But Becker has plenty of trouble returning. He misses a bunch of second serve returns - which were comparatively easy, and he wasn't attacking them -, he misses a bunch of well in reach first serve returns - again, without being particularly aggressive in his intent. Basically, bad returning from Boris

Becker's serve by contrast, is a handful even on the slow clay. Lendl was managing it well enough from an orthodox position but after he retreats, the game becomes more interesting. Becker experiments with serves out wide, serve-volleying more, rolling first serves (sometimes following them in, sometimes not)… whatever he does, most balls come back

Good move from Lendl in adjusting his position. Becker has no way to crack it

Play - Baseline & Net
Becker shows good net instincts. In other matches from this period, I've seen him have daft approaching days and repeatedly getting caught coming in. Here though, he approaches smartly, of well placed shots. The bulk of his approaches are not serve-volleys

He serve-volleys well too. Lendl's return position invites it.

He's not great on the volley though. Few good short volleys, but a tendancy to loop medium high, medium power balls and leave himself open to be passed. In the last game of the match, a Lendl return just goes under his racquet as he goes for the volley

Still, wise of Becker to come in so much because baseline play was not going his way. The two players are about even from the back in the first set because Lendl is unusually error prone. He redresses that in the second - 1 groundstroke UE for the set to 6 from Becker. And maintains typical, iron consistency from the back

Just outlasting Becker in who-blinks-first game would be enough to get Lendl over, but he has an attacking edge to him too. Note the high 47.2 UEFI (Becker's is 44.6). strong BH cc in open court play forces errors and gives him control of play. Fair few FH inside-outs too. He moves Becker around as much as wears him down

Note Boris with 12 forced groundstroke errors. That's quite high for a short match on clay (the 19 he forces from Lendl are almost all passing shots)

Boris is decent from the baseline... but he's out of his league

Lendl comes in a fair bit too (16 approaches), rarely manufacturing an approach. He looks more comfortable at net then usual

Summing up, consummate stuff from Lendl after a loose first set. Consistent with his groundies, but also mixing up directions to run Becker around and hitting moderately attacking shots. And consistent, if passive of return to neutralize any potential trouble from Becker's serve. Becker does about as well as he can, which isn't great. In over his head against a clay master

Worth noting is Becker by far gave Lendl the toughest match of the tournament. Ivan lost all of 15 games in his remaining 4 matches - including 4 to Gomes and 5 to Martin Jaite, both renowned clay courters


Hard to believe but in the summer of '85 both of these men were technically one-Slam wonders, and Lendl was not even the current titleholder of a Slam.

I noticed some in the crowd laughed, when Lendl stepped back after those back-to-back aces. But it turned out to be the perfect move.

Boris broke Lendl at 5-all in the first with a rare classic chip-and-charge.

The Sun Sentinel (Fort Lauderdale):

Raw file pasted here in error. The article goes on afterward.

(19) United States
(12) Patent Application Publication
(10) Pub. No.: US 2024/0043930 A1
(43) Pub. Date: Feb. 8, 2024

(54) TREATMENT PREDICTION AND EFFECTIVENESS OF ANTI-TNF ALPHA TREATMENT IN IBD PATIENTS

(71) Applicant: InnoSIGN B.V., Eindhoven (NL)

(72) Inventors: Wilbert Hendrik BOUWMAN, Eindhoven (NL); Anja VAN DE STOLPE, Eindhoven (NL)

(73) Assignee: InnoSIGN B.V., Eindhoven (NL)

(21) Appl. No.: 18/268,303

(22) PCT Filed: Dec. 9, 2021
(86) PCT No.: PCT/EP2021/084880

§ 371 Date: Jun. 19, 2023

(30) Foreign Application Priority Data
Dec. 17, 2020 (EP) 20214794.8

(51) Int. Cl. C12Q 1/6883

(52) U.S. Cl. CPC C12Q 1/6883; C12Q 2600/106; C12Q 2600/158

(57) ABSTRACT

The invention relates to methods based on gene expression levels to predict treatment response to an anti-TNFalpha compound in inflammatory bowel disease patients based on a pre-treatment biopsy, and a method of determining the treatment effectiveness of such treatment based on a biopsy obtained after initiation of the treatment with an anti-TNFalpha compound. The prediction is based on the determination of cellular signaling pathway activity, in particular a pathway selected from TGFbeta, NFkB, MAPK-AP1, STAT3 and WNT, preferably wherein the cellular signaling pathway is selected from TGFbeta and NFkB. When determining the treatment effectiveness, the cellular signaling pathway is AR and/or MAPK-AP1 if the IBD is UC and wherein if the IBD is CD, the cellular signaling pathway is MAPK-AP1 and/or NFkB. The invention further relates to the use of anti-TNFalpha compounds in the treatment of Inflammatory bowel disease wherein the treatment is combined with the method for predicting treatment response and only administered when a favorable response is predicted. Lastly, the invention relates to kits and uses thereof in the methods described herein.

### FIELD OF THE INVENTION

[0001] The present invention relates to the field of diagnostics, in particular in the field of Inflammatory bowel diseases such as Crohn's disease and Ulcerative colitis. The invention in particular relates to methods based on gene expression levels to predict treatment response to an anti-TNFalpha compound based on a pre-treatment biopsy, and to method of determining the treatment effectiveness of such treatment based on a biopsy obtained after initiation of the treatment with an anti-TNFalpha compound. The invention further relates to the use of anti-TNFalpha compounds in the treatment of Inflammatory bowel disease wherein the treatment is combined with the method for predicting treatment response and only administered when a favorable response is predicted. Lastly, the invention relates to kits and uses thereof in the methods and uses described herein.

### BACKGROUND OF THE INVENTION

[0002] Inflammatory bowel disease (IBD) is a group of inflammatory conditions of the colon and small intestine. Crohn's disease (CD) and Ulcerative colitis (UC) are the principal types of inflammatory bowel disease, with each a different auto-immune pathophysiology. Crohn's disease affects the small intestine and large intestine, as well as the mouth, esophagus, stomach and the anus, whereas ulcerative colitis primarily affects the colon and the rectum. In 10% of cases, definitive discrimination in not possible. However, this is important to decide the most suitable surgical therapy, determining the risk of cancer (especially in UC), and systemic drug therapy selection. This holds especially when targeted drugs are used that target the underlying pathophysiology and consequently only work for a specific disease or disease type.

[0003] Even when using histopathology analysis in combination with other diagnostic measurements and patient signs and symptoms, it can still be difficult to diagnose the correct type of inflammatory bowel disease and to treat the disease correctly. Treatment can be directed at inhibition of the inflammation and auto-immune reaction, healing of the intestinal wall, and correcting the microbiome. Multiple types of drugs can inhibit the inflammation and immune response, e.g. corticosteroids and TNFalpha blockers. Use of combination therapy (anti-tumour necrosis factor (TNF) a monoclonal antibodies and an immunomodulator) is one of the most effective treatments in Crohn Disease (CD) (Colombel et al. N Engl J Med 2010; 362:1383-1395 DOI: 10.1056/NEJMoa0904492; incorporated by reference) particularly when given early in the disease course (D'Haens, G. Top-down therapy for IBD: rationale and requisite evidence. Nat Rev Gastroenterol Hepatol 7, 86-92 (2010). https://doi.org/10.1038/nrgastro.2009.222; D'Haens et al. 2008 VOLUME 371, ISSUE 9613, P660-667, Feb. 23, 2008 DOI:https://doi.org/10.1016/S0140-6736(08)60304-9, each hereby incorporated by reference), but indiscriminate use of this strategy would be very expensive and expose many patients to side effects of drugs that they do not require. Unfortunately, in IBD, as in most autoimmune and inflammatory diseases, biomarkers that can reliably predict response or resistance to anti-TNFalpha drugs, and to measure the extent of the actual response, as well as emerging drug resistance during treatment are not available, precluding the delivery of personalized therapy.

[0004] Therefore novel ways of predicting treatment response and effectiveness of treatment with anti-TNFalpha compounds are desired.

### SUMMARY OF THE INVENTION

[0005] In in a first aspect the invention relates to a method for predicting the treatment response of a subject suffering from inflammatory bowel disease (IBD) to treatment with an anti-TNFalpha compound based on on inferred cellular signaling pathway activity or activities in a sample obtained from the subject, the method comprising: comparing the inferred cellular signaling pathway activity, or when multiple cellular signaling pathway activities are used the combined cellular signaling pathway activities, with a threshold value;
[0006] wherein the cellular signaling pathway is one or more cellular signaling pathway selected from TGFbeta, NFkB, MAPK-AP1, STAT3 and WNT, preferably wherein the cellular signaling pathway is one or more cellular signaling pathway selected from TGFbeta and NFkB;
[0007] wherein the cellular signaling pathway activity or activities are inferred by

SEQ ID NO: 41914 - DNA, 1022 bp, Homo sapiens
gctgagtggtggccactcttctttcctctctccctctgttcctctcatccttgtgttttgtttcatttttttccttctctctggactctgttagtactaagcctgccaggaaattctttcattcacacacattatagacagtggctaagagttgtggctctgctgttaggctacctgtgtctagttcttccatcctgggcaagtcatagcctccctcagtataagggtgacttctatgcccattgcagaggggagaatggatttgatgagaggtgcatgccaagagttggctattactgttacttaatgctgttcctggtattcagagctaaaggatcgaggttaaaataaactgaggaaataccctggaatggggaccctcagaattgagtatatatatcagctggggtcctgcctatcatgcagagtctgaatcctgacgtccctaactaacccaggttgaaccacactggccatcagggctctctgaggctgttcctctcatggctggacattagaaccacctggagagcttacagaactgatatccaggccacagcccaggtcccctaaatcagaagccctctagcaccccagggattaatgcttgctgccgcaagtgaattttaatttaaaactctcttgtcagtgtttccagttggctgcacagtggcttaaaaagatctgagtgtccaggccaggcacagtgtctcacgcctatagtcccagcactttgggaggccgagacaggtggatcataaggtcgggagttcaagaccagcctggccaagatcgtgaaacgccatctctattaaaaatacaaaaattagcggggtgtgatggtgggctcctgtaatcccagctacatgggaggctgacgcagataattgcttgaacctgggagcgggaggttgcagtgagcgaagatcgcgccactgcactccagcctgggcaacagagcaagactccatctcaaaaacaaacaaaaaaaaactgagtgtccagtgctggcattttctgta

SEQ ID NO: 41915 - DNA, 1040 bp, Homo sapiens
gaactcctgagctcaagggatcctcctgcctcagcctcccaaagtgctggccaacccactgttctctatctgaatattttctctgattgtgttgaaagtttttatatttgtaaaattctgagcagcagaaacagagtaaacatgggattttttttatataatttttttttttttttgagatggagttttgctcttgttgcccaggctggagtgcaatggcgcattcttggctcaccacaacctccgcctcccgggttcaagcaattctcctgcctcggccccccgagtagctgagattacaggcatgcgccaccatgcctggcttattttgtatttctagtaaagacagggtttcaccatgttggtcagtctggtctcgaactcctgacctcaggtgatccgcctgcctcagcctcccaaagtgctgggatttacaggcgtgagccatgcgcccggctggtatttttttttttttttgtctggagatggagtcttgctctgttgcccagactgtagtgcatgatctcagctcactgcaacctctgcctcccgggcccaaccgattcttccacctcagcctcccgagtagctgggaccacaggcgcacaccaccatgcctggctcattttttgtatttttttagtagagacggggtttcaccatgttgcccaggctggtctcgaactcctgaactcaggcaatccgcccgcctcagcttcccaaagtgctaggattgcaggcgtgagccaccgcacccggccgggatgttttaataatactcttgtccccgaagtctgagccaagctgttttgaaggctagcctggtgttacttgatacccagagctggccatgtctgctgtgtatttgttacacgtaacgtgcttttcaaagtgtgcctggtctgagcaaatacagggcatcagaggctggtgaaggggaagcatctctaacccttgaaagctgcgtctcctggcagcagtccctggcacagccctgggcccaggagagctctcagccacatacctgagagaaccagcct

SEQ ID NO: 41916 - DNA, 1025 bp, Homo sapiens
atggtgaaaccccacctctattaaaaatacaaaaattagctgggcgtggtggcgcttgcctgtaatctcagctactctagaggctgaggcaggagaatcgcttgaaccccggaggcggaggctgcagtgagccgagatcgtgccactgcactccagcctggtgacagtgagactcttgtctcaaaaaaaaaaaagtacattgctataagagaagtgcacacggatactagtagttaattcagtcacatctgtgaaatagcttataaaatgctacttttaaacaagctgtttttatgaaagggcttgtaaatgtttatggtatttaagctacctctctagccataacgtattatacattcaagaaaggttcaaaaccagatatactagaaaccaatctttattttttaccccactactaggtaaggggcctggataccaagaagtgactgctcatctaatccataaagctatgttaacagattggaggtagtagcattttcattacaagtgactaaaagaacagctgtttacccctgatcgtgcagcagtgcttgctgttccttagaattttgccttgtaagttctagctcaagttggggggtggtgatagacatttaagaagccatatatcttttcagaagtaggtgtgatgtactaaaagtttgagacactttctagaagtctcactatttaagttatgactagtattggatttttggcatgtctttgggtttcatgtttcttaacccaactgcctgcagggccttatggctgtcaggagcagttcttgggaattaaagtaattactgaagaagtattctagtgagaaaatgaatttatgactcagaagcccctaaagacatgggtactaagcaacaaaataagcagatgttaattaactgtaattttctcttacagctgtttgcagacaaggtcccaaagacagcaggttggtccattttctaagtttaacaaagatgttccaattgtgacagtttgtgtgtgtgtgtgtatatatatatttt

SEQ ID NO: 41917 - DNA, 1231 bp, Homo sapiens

Lendl Steps Backward To Defuse Becker​
July 28, 1985​
INDIANAPOLIS — Top-seeded Ivan Lendl withstood the challenge of teen-ager Boris Becker 5-7, 6-2, 6-2 Saturday to reach the men`s championship match of the $575,000 U.S. Open Clay Court Championship.​
``He surprised me some,`` Lendl said of his first meeting with the Wimbledon champion. ``I didn`t know what to do at first. I thought I could stay in and handle his serve, but that didn`t work.``​
Lendl decided to move back farther behind the backline, standing 20 feet away to take the serve.​
``I discovered that was the way to handle the serve,`` Lendl said. ``I wanted to try to break his pace and go all the way back and he didn`t know what to do.``​
The triumph, which ended a 16-match winning streak by Becker, sends Lendl against defending champion Andres Gomez of Ecuador in today`s showdown for the $51,000 top prize. Gomez needed just 51 minutes to handle France`s Yannick Noah 6-0, 6-1 in reaching the men`s final for the third consecutive year.​
``I`m still a human being and I have to lose some days,`` Becker said. ``Lendl plays at a different level than anyone I`ve played. He made maybe five mistakes.​
``The first set I played good tennis,`` Becker said. ``I played a little worse in the second and third, but he played at the same level.``​
Becker, the No. 3 seed, took a 4-3 edge with the first break in the match as Lendl doublefaulted to lose the game.​
He hung on to win that set, but his powerful serve seemed to lose some zing in the second set, while Lendl kept sending the ball over the net with more authority on every point. Lendl scored a break to go up 3-1 and won the set by breaking Becker without losing a point in the final game.​


Hall of Fame
Boris broke Lendl at 5-all in the first with a rare classic chip-and-charge.

first point of the game... beautiful OH, looked like a good service motion

Lendl scored a break to go up 3-1 and won the set by breaking Becker without losing a point in the final game

this isn't true

Lendl went up 0-40 with three consecutive winners, but Becker won the next two points before Lendl finished the match

Edit: my mistake - it is true they're referring to the second set, not the third

Odd place to finish an article

Lendl said. ``I wanted to try to break his pace and go all the way back and he didn`t know what to do.``

that's how I saw it, too

``The first set I played good tennis,`` Becker said. ``I played a little worse in the second and third, but he played at the same level.``

that's not how I saw it

I thought Lendl played badly in the first (by his standard), lots of uncharacteristic errors. And played normal (by the same standard) in the next two, almost no errors

I suppose Becker's "good tennis" might be about even with Lendl "playing badly (by his standard)" on clay. And Becker might not have been aware of what normal for Lendl was